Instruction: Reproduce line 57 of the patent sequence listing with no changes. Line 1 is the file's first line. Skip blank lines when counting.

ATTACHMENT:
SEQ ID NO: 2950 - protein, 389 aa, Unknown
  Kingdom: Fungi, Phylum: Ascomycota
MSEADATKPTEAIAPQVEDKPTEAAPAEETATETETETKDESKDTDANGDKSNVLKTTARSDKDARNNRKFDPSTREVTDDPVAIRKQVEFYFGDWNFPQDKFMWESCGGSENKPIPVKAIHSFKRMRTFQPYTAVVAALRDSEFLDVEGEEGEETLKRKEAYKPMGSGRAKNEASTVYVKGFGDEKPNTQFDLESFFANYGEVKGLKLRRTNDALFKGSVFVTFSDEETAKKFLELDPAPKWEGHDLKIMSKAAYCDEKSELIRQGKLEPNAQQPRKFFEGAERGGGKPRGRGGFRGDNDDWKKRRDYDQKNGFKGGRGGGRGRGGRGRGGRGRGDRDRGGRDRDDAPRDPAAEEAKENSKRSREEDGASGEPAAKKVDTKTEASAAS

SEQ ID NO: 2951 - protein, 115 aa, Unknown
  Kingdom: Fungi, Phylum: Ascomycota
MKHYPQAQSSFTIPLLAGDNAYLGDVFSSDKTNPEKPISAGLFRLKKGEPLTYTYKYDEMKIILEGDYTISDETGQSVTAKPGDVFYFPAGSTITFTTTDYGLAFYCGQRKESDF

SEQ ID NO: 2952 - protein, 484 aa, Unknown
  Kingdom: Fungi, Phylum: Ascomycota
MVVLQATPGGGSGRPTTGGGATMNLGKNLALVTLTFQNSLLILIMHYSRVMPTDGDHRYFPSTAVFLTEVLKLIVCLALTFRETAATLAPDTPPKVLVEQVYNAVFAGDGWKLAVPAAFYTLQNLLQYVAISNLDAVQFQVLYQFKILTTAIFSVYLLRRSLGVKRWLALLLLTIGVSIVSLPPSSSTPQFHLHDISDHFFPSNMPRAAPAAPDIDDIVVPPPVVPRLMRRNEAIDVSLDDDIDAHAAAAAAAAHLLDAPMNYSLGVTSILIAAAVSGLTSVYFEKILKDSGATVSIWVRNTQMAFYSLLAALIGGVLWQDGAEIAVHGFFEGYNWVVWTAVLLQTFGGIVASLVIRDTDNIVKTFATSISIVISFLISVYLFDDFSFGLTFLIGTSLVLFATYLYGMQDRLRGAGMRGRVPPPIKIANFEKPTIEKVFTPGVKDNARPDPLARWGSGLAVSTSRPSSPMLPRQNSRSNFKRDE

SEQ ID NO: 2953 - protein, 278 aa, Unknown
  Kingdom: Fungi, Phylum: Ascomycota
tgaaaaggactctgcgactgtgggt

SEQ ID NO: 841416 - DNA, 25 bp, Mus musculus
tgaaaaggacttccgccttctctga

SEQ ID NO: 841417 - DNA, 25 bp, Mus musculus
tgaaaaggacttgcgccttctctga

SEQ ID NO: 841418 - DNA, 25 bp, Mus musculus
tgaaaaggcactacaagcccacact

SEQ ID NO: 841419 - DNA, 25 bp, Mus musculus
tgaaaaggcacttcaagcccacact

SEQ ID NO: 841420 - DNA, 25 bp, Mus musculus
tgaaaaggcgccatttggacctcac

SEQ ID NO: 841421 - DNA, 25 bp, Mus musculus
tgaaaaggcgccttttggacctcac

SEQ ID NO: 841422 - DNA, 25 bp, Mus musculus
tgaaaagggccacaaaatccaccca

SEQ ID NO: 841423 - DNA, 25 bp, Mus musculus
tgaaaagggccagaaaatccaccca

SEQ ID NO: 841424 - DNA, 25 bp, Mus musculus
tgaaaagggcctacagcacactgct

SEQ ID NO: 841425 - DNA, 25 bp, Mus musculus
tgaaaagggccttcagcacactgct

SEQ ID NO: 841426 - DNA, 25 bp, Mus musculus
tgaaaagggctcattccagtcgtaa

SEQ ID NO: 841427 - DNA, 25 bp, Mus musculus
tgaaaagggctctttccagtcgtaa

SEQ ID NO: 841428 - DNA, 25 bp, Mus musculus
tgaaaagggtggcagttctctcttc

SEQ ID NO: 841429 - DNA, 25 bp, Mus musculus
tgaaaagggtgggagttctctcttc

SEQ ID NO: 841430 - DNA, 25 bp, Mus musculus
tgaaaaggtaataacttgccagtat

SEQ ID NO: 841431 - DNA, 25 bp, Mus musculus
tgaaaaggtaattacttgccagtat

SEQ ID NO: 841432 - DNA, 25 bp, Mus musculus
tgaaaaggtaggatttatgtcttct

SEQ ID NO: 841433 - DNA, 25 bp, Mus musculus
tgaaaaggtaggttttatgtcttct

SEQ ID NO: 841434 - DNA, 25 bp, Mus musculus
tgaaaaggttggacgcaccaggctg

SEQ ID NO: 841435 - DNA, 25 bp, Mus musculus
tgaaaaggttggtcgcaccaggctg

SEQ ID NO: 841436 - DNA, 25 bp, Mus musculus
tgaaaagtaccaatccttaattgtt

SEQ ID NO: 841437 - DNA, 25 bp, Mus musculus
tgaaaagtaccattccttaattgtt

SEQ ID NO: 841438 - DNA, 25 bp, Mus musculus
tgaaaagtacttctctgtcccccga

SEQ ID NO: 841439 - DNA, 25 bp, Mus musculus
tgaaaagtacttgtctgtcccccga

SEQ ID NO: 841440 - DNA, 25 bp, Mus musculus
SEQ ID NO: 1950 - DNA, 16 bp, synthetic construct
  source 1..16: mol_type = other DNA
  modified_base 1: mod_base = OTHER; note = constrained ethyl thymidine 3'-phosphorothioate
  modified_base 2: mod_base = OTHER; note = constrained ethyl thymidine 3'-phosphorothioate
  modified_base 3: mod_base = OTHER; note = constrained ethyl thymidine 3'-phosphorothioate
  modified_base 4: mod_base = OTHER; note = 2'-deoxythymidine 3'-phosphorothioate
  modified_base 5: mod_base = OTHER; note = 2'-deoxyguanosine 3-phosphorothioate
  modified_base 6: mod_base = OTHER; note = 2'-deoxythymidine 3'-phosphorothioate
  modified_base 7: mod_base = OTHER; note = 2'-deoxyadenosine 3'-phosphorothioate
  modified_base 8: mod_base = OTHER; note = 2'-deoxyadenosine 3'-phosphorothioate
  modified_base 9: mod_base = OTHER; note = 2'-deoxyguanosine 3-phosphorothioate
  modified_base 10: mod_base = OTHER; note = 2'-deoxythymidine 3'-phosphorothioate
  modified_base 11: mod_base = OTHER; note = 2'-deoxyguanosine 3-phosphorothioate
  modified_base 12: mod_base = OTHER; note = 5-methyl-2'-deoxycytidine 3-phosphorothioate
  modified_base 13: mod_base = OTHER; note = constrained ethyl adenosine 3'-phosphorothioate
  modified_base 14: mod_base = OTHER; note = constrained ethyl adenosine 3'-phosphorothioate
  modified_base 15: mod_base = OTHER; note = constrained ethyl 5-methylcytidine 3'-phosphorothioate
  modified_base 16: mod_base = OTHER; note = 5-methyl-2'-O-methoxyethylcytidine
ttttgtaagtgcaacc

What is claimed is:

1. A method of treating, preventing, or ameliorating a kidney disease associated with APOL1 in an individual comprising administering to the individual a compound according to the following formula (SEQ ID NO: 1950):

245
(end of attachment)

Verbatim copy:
SEQ ID NO: 841438 - DNA, 25 bp, Mus musculus